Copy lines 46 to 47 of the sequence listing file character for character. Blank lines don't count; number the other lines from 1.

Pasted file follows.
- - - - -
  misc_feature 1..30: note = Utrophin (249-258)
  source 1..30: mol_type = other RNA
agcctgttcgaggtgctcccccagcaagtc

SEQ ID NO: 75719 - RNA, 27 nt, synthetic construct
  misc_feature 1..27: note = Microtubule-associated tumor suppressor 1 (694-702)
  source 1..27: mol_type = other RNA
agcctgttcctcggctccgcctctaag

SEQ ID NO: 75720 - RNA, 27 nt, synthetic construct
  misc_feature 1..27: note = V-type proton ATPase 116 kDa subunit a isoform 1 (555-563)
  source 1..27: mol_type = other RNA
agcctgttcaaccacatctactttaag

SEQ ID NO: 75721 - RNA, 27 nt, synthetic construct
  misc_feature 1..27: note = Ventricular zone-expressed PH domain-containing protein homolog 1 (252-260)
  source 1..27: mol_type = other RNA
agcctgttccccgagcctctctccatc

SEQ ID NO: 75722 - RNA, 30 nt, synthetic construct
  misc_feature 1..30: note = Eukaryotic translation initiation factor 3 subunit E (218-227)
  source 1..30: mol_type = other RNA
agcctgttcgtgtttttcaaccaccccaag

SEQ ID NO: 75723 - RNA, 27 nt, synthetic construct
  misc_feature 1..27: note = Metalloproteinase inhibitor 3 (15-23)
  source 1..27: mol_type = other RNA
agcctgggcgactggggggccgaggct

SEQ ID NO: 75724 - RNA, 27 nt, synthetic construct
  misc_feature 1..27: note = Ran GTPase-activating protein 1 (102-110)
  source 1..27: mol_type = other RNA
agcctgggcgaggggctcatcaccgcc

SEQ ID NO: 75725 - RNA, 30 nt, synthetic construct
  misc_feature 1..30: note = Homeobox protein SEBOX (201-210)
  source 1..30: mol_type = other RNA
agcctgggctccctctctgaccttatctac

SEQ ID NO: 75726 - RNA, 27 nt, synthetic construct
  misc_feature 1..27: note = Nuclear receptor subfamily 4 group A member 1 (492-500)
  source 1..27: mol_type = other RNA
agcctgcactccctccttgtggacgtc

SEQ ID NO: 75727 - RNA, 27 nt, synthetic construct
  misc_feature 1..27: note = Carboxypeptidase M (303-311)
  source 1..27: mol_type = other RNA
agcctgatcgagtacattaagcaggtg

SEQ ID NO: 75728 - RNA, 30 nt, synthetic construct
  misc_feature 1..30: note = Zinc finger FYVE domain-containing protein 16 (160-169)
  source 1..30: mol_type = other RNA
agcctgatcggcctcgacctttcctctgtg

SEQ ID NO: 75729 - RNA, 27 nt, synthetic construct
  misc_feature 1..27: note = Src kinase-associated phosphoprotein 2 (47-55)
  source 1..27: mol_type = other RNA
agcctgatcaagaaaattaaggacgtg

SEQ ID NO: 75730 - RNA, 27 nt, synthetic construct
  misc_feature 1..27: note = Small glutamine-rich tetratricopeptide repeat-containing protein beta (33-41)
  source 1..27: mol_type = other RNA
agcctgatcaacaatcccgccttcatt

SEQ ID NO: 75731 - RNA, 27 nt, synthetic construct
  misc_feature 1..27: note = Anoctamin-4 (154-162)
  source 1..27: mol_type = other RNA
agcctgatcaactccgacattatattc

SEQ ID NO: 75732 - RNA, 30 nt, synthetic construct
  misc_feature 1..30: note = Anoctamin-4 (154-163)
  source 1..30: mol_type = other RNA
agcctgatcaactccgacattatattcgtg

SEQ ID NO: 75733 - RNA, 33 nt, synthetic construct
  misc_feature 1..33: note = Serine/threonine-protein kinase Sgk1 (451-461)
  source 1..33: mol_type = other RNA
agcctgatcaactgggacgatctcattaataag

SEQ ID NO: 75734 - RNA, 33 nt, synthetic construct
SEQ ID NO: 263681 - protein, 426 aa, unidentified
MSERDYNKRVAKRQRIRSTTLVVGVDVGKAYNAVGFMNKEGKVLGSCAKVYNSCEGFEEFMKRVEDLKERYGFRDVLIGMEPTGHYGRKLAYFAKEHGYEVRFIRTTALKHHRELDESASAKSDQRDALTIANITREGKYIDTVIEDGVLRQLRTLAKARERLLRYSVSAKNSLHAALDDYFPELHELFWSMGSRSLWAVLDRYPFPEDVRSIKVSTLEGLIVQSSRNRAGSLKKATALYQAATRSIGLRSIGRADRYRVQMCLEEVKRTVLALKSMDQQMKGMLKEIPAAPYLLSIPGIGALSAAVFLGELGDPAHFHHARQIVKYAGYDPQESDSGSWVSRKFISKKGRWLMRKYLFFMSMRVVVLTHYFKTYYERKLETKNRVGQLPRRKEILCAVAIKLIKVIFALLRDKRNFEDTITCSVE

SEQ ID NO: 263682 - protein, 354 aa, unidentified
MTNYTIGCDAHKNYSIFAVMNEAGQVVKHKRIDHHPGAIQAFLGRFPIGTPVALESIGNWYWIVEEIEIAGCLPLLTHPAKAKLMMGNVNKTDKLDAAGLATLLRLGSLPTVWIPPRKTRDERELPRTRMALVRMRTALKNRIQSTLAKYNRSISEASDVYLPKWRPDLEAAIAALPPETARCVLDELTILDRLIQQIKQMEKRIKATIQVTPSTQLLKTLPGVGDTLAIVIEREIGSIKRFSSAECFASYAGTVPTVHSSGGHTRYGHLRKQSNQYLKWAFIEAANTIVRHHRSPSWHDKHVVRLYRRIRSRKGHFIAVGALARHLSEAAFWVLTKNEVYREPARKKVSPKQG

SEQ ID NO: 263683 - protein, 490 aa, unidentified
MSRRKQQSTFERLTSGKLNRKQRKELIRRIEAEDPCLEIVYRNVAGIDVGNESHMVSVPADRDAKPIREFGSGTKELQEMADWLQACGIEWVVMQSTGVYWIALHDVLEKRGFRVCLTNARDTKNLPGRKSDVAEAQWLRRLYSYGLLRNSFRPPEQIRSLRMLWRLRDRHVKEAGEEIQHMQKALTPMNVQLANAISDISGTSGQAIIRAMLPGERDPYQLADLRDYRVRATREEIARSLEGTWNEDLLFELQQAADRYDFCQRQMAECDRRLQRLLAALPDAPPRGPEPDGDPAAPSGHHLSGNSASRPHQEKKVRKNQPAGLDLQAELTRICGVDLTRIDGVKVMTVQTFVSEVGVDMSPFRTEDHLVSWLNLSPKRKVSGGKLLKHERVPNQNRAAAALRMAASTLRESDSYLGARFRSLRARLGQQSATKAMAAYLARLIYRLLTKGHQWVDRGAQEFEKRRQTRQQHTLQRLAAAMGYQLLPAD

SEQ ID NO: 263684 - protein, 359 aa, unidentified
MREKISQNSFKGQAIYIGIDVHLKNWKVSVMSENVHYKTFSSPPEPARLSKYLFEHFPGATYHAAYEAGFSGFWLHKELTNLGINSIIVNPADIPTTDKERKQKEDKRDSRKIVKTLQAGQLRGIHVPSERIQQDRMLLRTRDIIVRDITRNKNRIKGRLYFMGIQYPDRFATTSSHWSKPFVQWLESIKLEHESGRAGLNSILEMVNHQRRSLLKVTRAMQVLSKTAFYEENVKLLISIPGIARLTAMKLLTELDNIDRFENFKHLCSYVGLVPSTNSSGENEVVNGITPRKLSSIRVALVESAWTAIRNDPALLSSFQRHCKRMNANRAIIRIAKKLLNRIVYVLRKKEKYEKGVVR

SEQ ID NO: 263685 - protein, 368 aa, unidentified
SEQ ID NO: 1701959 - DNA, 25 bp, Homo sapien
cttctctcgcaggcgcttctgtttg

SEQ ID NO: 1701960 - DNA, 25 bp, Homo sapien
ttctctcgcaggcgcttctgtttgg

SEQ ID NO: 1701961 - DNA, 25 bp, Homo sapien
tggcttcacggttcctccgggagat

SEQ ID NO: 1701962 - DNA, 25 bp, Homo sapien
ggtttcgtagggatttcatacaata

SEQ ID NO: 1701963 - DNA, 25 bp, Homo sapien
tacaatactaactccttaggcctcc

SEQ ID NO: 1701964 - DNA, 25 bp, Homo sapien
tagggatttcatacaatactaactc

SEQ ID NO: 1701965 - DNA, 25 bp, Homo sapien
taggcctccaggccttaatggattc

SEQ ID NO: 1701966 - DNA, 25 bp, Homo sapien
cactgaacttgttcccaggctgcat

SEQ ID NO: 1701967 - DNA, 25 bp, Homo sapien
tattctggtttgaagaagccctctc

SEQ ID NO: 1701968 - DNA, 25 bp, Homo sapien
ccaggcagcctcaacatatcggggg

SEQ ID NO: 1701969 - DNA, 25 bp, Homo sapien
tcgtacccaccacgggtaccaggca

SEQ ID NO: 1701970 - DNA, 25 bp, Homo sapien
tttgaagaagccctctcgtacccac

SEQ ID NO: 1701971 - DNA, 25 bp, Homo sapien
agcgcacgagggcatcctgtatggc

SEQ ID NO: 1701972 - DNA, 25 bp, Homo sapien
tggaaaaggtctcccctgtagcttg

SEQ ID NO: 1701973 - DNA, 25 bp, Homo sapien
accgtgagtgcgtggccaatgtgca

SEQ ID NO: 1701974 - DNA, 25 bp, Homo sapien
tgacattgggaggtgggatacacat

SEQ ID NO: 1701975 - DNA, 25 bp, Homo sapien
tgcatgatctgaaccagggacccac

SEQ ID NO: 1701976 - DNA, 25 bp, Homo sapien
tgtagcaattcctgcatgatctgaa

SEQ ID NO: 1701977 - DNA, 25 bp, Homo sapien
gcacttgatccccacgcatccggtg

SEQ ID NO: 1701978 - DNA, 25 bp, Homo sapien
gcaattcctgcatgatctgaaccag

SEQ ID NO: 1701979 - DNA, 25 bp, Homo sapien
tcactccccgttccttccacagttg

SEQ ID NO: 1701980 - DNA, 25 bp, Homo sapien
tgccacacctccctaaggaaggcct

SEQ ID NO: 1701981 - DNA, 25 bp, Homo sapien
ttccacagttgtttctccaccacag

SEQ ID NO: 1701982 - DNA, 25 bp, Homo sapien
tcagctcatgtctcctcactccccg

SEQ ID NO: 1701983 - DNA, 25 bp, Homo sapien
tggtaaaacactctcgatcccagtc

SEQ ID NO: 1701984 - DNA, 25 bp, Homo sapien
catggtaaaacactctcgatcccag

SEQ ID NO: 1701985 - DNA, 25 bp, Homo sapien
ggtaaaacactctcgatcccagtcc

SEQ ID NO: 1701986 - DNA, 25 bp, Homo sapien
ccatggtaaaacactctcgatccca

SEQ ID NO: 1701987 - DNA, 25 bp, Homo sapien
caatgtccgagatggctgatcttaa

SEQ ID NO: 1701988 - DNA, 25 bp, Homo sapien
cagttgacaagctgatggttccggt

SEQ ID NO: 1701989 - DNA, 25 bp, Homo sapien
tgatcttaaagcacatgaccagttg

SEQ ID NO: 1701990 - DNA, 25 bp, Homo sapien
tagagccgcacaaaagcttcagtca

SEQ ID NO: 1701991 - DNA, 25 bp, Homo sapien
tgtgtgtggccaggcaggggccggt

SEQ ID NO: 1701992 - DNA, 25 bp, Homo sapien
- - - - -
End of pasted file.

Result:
  source 1..27: mol_type = other RNA
agcctgatcaagaaaattaaggacgtg